""Judges have assumed unprecedented authority over our lives, usurping powers once delegated to elected lawmakers, based on no solid grounding in the text of either a statute or the Constitution itself,"" contends Wall Street Journal deputy features editor Boot. Though his somewhat right-leaning biases are occasionally visible beneath his research-based approach, Boot's strong writing and even-handed journalism make for a powerful case. (Former Supreme Court nominee Robert Bork's turgid introduction, full of references to ""radical egalitarianism,"" is one example of the less-than-transparent politics that inform the book.) With humor and wit, Boot describes a society caught up in a lottery mentality, whereby juries routinely make outrageous punitive damage awards on the flimsiest of cases, and judges--often politically savvy lawyers rather than judicious legal experts--fail to throw out frivolous cases and awards. Only a revision of the system by which we select and promote judges, Boot contends, is likely to change the situation. Boot's impressive grasp of the law and his wry, crystal-clear argumentation makes this book one that will be indispensable to anyone curious to know how we managed to turn our society into a gridlock of litigiousness. (May)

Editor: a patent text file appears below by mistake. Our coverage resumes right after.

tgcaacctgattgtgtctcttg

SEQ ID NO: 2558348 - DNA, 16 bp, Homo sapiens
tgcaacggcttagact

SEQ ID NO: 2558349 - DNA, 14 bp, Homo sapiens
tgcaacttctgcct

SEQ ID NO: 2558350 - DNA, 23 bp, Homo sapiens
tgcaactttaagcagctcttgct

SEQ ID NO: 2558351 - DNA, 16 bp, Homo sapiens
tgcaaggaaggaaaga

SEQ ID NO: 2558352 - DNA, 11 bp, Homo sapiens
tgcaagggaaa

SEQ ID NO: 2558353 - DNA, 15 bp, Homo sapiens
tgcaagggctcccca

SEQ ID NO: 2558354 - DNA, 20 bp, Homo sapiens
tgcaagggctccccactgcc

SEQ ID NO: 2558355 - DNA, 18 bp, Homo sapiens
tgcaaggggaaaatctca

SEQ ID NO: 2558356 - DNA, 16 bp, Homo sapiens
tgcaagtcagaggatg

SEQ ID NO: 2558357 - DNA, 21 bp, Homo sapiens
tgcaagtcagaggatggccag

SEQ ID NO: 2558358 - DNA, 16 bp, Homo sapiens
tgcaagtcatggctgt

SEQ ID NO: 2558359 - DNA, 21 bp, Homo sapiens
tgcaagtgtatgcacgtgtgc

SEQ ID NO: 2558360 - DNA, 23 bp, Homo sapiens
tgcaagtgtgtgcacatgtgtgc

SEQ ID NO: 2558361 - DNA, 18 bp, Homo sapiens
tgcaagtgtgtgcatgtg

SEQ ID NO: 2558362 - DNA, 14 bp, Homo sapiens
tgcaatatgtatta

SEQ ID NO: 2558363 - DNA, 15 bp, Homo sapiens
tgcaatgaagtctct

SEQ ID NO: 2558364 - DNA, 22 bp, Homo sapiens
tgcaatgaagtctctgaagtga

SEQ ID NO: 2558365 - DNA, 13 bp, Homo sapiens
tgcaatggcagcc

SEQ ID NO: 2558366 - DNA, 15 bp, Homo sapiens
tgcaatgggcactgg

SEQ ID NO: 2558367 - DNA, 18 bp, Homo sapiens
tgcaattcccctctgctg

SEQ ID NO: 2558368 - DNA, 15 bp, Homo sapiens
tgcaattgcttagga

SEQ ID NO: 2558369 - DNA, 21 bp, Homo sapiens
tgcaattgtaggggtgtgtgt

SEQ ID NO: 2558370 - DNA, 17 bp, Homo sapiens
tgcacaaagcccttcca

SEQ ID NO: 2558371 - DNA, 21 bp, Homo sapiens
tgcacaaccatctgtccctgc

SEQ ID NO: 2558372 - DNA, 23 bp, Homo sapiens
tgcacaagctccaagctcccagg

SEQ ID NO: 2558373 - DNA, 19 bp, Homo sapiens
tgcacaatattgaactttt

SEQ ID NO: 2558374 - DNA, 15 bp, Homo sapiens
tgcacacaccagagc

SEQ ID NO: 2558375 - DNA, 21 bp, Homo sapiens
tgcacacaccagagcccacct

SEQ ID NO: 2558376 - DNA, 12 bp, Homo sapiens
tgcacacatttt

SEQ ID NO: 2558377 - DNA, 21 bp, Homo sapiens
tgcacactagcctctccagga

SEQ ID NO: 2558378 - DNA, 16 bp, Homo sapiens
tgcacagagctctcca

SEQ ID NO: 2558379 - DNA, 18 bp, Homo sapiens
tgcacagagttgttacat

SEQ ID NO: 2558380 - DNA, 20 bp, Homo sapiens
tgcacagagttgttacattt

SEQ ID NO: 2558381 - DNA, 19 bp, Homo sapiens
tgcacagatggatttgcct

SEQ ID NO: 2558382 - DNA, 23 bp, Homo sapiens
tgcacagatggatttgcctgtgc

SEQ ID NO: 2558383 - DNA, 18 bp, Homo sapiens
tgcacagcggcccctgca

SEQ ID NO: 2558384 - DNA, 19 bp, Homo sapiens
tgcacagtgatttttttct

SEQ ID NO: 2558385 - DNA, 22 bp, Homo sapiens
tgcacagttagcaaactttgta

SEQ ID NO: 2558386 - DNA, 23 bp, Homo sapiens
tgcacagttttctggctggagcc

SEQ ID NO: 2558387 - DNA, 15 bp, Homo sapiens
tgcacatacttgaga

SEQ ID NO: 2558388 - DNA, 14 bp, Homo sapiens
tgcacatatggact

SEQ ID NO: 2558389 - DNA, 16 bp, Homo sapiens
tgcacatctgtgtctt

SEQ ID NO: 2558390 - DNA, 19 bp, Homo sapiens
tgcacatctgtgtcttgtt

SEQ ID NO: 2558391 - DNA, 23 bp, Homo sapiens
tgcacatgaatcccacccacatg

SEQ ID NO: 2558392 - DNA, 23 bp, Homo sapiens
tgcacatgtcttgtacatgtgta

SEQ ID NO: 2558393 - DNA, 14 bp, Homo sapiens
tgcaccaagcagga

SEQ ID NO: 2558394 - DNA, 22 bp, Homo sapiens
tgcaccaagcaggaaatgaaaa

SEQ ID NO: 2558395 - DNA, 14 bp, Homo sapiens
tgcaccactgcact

Reviewed on: 05/04/1998 Release date: 05/01/1998 Genre: Nonfiction
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